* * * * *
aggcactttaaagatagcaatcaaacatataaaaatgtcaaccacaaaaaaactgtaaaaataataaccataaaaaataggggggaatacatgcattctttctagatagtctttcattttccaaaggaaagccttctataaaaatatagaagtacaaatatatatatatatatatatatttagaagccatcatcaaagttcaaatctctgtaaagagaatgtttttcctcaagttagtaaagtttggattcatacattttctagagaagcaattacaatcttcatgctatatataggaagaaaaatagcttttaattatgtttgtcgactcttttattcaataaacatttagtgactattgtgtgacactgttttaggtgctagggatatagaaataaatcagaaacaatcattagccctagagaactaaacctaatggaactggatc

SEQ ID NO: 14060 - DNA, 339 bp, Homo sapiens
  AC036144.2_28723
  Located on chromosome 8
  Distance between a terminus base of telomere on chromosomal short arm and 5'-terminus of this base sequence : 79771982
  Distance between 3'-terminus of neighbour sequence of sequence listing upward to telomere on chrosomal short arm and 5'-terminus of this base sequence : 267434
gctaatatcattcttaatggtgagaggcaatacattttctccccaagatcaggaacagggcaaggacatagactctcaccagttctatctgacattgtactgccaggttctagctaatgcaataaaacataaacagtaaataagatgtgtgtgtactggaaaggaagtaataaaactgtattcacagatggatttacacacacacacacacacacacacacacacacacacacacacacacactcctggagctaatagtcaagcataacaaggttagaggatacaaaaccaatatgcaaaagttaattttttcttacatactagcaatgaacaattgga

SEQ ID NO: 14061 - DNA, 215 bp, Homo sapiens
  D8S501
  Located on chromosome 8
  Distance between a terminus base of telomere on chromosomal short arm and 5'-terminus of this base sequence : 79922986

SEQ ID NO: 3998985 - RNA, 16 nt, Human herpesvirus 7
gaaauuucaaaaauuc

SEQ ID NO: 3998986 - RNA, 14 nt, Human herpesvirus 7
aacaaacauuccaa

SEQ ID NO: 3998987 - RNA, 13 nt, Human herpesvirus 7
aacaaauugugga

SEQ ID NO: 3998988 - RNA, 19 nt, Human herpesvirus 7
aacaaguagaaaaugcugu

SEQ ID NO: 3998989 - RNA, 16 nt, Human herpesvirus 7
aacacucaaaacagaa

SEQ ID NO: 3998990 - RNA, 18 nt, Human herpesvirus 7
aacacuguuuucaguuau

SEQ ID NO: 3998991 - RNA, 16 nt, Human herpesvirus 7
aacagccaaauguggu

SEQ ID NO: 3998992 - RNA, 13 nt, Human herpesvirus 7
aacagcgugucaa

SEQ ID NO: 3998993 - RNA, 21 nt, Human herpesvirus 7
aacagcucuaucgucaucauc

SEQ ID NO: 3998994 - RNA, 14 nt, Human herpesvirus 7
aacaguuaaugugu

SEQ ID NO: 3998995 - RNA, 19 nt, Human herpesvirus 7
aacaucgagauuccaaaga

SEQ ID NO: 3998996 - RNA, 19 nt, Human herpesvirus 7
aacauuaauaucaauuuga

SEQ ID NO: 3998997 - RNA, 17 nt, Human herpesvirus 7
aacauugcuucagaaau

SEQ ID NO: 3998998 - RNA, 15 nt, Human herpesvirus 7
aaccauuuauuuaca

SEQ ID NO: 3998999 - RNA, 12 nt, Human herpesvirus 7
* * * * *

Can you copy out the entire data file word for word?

aggcactttaaagatagcaatcaaacatataaaaatgtcaaccacaaaaaaactgtaaaaataataaccataaaaaataggggggaatacatgcattctttctagatagtctttcattttccaaaggaaagccttctataaaaatatagaagtacaaatatatatatatatatatatatttagaagccatcatcaaagttcaaatctctgtaaagagaatgtttttcctcaagttagtaaagtttggattcatacattttctagagaagcaattacaatcttcatgctatatataggaagaaaaatagcttttaattatgtttgtcgactcttttattcaataaacatttagtgactattgtgtgacactgttttaggtgctagggatatagaaataaatcagaaacaatcattagccctagagaactaaacctaatggaactggatc

SEQ ID NO: 14060 - DNA, 339 bp, Homo sapiens
  AC036144.2_28723
  Located on chromosome 8
  Distance between a terminus base of telomere on chromosomal short arm and 5'-terminus of this base sequence : 79771982
  Distance between 3'-terminus of neighbour sequence of sequence listing upward to telomere on chrosomal short arm and 5'-terminus of this base sequence : 267434
gctaatatcattcttaatggtgagaggcaatacattttctccccaagatcaggaacagggcaaggacatagactctcaccagttctatctgacattgtactgccaggttctagctaatgcaataaaacataaacagtaaataagatgtgtgtgtactggaaaggaagtaataaaactgtattcacagatggatttacacacacacacacacacacacacacacacacacacacacacacacactcctggagctaatagtcaagcataacaaggttagaggatacaaaaccaatatgcaaaagttaattttttcttacatactagcaatgaacaattgga

SEQ ID NO: 14061 - DNA, 215 bp, Homo sapiens
  D8S501
  Located on chromosome 8
  Distance between a terminus base of telomere on chromosomal short arm and 5'-terminus of this base sequence : 79922986

SEQ ID NO: 3998985 - RNA, 16 nt, Human herpesvirus 7
gaaauuucaaaaauuc

SEQ ID NO: 3998986 - RNA, 14 nt, Human herpesvirus 7
aacaaacauuccaa

SEQ ID NO: 3998987 - RNA, 13 nt, Human herpesvirus 7
aacaaauugugga

SEQ ID NO: 3998988 - RNA, 19 nt, Human herpesvirus 7
aacaaguagaaaaugcugu

SEQ ID NO: 3998989 - RNA, 16 nt, Human herpesvirus 7
aacacucaaaacagaa

SEQ ID NO: 3998990 - RNA, 18 nt, Human herpesvirus 7
aacacuguuuucaguuau

SEQ ID NO: 3998991 - RNA, 16 nt, Human herpesvirus 7
aacagccaaauguggu

SEQ ID NO: 3998992 - RNA, 13 nt, Human herpesvirus 7
aacagcgugucaa

SEQ ID NO: 3998993 - RNA, 21 nt, Human herpesvirus 7
aacagcucuaucgucaucauc

SEQ ID NO: 3998994 - RNA, 14 nt, Human herpesvirus 7
aacaguuaaugugu

SEQ ID NO: 3998995 - RNA, 19 nt, Human herpesvirus 7
aacaucgagauuccaaaga

SEQ ID NO: 3998996 - RNA, 19 nt, Human herpesvirus 7
aacauuaauaucaauuuga

SEQ ID NO: 3998997 - RNA, 17 nt, Human herpesvirus 7
aacauugcuucagaaau

SEQ ID NO: 3998998 - RNA, 15 nt, Human herpesvirus 7
aaccauuuauuuaca

SEQ ID NO: 3998999 - RNA, 12 nt, Human herpesvirus 7